When we are talking about computing measurements, it would be helpful to start our way from the ground up.
The first two terms we should get acquainted with are bits and bytes. I refuse to believe that anyone these days would be so unacquainted with technology that we are talking about food portions.
But for the sake of clarity, we aren't! A byte is the measurement unit in computing. It is composed of 8 bits. Bits, in turn, are simply the 0 or 1 or the on or off of measurement in the digital world. While bytes are of use while measuring computer storage, bits are the usual measurement unit for data rates and data transfer speeds.
The following should help to make the relationship between the different digital measurement units clear:
With time, the consumption, storage, and use of data are increasing by leaps and bounds. In all probability, we will soon be looking for units for storing data. The list you just glanced continues as:
And finally, we get to the Exabyte, which is equal to 1024 petabytes. 1 Exabytes should be large enough for the most common high-volume business and internet data requirements we have today.
Even Higher Levels Of Computing Unit Measurement
As we mentioned before, the SI unit doesn't stop at the Exa prefix. These units currently in place at this level are:
For you to effectively get an idea for just such high storage capacity we are talking about, you should know there is a single yottabyte consisting of 45 trillion Blu-ray discs of 25 GB each.
However, experts have realized that there is little chance of slowing down at even the yottabyte levels. Proposed names for the next higher measurement unit are the brontobyte and the hellabyte. Forbes suggested way back in 2013, the following more senior byte unit. The geopbyte would be equal to 1024 brontobytes.
As said earlier, 1 exabyte is 1024 petabytes of data. If you look at the number, it sounds absurd to think about it for its immenseness. But soon, we will reach a point that we have to deal with such massive data amounts thanks to the forward march of technology. The following should give you an idea about exactly how high a number an exabyte is:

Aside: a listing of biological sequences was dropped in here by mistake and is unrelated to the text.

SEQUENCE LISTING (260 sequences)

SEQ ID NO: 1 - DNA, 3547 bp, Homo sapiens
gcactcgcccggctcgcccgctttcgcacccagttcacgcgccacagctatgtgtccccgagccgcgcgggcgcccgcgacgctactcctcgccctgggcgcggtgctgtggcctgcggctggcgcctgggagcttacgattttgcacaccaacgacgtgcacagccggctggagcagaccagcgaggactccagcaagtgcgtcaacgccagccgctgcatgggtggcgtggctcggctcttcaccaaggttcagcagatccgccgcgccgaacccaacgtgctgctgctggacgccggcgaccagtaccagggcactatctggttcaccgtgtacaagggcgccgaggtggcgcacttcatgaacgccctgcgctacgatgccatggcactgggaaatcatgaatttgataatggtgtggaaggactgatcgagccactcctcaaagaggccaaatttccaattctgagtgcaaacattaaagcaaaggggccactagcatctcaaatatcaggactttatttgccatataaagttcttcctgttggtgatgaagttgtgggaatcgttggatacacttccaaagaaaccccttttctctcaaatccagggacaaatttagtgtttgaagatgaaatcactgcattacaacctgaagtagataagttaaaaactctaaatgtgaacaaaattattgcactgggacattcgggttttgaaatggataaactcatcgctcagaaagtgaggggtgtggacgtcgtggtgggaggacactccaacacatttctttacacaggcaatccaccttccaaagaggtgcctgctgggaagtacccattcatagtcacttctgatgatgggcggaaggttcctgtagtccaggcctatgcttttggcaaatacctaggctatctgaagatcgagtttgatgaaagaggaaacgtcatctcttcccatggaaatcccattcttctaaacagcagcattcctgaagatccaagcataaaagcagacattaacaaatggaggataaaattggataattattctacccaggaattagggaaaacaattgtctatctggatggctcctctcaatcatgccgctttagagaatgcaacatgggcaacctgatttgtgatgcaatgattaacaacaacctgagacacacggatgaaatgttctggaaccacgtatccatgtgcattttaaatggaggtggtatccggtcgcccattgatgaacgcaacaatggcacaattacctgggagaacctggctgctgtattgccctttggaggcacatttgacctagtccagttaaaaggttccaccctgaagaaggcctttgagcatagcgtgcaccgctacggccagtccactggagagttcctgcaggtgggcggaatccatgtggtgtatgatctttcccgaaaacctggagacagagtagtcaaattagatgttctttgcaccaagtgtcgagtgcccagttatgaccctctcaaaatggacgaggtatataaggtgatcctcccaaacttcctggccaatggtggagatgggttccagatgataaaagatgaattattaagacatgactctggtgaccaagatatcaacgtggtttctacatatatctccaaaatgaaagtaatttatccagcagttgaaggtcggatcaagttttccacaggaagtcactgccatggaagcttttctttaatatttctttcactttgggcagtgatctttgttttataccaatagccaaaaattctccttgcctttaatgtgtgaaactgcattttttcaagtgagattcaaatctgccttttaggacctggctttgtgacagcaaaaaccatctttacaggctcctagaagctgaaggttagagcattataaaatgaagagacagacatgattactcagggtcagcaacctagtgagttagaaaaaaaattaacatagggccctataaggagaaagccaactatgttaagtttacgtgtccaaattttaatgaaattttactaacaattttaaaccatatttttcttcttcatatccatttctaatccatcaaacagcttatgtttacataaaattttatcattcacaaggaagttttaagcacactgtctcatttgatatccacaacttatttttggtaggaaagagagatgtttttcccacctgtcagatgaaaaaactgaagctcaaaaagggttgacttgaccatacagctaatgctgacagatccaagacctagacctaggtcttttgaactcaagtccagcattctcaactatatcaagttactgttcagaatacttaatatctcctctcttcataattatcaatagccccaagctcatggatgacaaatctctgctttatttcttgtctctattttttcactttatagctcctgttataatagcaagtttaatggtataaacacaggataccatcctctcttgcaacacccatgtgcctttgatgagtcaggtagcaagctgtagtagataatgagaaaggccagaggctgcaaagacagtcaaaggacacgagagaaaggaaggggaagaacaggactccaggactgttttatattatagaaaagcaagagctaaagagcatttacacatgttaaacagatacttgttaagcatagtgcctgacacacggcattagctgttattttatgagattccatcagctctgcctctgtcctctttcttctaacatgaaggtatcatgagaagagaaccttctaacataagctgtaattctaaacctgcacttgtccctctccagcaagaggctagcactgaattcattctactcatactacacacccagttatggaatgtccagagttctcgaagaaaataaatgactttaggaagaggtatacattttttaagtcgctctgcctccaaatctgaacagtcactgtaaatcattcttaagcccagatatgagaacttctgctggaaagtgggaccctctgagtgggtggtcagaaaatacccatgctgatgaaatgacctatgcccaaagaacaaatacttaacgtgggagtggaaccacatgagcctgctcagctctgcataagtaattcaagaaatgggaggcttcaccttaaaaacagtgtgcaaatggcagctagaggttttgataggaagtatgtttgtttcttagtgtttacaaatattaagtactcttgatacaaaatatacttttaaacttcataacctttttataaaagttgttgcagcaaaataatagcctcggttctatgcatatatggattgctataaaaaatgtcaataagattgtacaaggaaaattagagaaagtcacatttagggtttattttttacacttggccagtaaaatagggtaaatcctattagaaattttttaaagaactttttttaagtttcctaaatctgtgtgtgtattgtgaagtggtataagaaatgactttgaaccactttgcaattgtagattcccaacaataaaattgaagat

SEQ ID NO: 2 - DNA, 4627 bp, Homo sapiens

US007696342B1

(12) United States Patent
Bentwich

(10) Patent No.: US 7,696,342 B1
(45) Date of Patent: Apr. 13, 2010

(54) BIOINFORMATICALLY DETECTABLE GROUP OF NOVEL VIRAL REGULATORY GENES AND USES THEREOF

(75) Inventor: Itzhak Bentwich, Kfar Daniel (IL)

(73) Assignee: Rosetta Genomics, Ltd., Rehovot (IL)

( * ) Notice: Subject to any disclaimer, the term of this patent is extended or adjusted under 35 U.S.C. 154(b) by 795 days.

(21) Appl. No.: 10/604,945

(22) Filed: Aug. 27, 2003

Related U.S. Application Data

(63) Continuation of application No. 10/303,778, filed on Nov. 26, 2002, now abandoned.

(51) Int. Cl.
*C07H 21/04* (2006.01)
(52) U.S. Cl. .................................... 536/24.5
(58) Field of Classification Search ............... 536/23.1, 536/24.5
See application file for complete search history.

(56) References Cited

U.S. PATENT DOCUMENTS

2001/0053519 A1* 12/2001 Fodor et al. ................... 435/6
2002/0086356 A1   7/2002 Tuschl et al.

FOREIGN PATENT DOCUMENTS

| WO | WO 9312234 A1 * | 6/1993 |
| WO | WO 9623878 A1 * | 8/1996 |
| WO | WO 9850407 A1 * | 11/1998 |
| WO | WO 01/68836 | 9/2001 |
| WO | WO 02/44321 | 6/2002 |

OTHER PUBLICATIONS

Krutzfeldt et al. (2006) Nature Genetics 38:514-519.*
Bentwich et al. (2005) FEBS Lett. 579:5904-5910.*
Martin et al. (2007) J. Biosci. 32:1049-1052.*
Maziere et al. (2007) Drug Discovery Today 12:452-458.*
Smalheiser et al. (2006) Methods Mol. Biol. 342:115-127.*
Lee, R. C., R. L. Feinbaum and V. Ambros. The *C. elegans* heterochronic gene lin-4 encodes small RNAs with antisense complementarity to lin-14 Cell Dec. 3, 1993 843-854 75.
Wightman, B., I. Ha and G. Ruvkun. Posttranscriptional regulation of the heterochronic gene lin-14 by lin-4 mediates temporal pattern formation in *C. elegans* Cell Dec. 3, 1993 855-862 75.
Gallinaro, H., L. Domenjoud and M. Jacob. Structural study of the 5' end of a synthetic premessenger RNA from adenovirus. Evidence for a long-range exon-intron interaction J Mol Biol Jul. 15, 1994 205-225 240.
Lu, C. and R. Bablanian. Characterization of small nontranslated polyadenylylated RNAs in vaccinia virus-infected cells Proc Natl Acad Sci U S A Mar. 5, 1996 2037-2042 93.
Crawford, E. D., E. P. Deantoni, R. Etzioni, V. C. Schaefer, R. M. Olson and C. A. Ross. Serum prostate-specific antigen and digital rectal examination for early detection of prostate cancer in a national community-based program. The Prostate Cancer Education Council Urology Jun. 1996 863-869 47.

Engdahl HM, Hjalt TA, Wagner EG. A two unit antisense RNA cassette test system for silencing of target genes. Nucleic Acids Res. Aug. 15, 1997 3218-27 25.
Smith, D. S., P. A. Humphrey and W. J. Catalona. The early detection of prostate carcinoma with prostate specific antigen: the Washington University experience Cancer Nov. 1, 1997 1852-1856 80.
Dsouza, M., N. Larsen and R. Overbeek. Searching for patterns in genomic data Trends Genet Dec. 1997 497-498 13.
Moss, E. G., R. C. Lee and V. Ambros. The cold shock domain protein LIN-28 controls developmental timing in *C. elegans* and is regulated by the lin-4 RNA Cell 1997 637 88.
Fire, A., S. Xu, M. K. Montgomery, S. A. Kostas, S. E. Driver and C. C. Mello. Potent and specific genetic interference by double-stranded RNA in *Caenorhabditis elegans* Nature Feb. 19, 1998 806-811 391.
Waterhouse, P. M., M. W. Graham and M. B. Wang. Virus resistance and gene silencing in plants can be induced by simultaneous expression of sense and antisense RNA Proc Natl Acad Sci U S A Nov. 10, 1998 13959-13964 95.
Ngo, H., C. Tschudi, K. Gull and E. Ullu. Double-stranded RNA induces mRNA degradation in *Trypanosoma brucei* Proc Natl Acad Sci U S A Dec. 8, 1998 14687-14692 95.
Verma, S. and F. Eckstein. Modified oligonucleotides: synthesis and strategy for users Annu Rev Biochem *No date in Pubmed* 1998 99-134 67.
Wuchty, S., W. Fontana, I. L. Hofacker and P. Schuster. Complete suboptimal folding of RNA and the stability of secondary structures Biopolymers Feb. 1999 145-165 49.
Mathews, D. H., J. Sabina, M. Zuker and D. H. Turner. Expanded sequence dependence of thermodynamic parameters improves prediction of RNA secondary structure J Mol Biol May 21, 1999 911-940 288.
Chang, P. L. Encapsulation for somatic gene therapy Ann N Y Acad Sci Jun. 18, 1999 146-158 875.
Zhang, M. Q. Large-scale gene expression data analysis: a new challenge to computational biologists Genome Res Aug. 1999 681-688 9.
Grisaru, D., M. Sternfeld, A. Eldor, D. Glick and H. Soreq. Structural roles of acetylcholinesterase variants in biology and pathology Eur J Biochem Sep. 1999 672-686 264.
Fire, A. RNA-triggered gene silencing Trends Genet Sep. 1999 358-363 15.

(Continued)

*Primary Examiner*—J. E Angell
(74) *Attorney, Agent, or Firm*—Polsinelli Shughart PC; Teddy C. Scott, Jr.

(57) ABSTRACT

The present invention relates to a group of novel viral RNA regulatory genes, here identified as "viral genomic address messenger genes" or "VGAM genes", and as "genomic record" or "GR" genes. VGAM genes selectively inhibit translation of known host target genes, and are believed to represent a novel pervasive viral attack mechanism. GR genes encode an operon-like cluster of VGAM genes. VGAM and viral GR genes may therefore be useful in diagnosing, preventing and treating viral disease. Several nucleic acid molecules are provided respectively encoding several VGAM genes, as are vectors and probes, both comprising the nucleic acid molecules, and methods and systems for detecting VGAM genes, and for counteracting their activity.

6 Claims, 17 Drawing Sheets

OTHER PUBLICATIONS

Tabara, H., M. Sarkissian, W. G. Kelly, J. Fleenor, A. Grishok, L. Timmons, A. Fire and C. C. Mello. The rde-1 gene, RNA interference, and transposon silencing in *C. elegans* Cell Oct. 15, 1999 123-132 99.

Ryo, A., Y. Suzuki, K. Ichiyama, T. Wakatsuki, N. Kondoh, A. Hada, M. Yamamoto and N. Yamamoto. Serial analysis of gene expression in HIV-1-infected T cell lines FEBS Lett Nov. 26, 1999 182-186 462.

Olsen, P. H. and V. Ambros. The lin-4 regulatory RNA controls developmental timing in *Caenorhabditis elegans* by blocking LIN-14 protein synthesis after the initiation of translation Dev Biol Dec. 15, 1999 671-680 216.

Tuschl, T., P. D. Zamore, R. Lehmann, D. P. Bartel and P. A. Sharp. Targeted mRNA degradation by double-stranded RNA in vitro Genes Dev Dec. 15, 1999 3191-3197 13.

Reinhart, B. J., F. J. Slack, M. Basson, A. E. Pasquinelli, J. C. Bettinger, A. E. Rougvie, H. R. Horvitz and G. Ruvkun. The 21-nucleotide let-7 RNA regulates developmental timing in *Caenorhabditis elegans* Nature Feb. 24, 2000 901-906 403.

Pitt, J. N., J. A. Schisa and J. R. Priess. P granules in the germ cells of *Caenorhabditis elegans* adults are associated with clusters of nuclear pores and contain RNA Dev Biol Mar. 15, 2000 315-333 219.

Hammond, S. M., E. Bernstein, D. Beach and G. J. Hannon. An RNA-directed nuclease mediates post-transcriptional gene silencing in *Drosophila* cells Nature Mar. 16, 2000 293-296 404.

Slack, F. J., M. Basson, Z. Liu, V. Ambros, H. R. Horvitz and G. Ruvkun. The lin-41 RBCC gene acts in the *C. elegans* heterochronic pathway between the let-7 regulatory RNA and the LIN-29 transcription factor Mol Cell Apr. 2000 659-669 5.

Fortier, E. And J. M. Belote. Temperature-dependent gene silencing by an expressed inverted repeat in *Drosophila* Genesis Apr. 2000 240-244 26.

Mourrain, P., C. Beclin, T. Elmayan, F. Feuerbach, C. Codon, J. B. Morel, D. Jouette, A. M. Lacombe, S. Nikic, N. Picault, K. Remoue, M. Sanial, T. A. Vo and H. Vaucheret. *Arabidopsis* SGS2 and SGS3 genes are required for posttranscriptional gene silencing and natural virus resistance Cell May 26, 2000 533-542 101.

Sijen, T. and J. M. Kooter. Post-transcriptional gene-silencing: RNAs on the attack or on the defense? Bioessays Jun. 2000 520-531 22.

In 1010 the internet accounted for 21 EB of monthly data. By 2017 the figures have skyrocketed to 122 EB. You can, in fact, store 36,000 years of HD videos in a drive with one EB of storage. This gives anyone the freedom to store massive files without fear of running out of room.
The result of the expansion of computing power is that it already runs various aspects of our lives. They include smart homes, self-driving cars, and connected cities, and we need to be able to collect, transmit, and store more and more data. With the upcoming mainstream adaption of IoT or Internet of Things, this available data amount will increase by leaps and bounds.
So, we are going to need a data storage solution that store large data amounts. The immense amounts of data, in turn, means that we will need a couple of new units for data measurement.
Let's take a standard data format that does not consume too much space -music. According to the online music giant Spotify, they have over 35 million songs on their online catalog. A 4 minutes song takes up an average of 20MB of space is the bit rate is 320Kbps. That would make the storage space needed by Spotify to be a whopping 70,000TB. Just consider this additional fact every day 40,000 new songs find their way to the platform. The sheer numbers are mind-boggling indeed.
Keep in mind that you won’t be able to download a 200MB video in 1 second through a net connection with a 200mbps speed. Instead, it will take you about 8 seconds. The longer time is because the data transfer rate is 200 Megabits per second, that the file size is 200 Megabytes. Remember that thing about 8 bits making up one byte that is in work here.
Irrespective of whether you use data a lot or stick to text email and word-processing, your data creation levels are all set to hit the roof. This article should have helped you gauge just how vast and expansive the digital world is!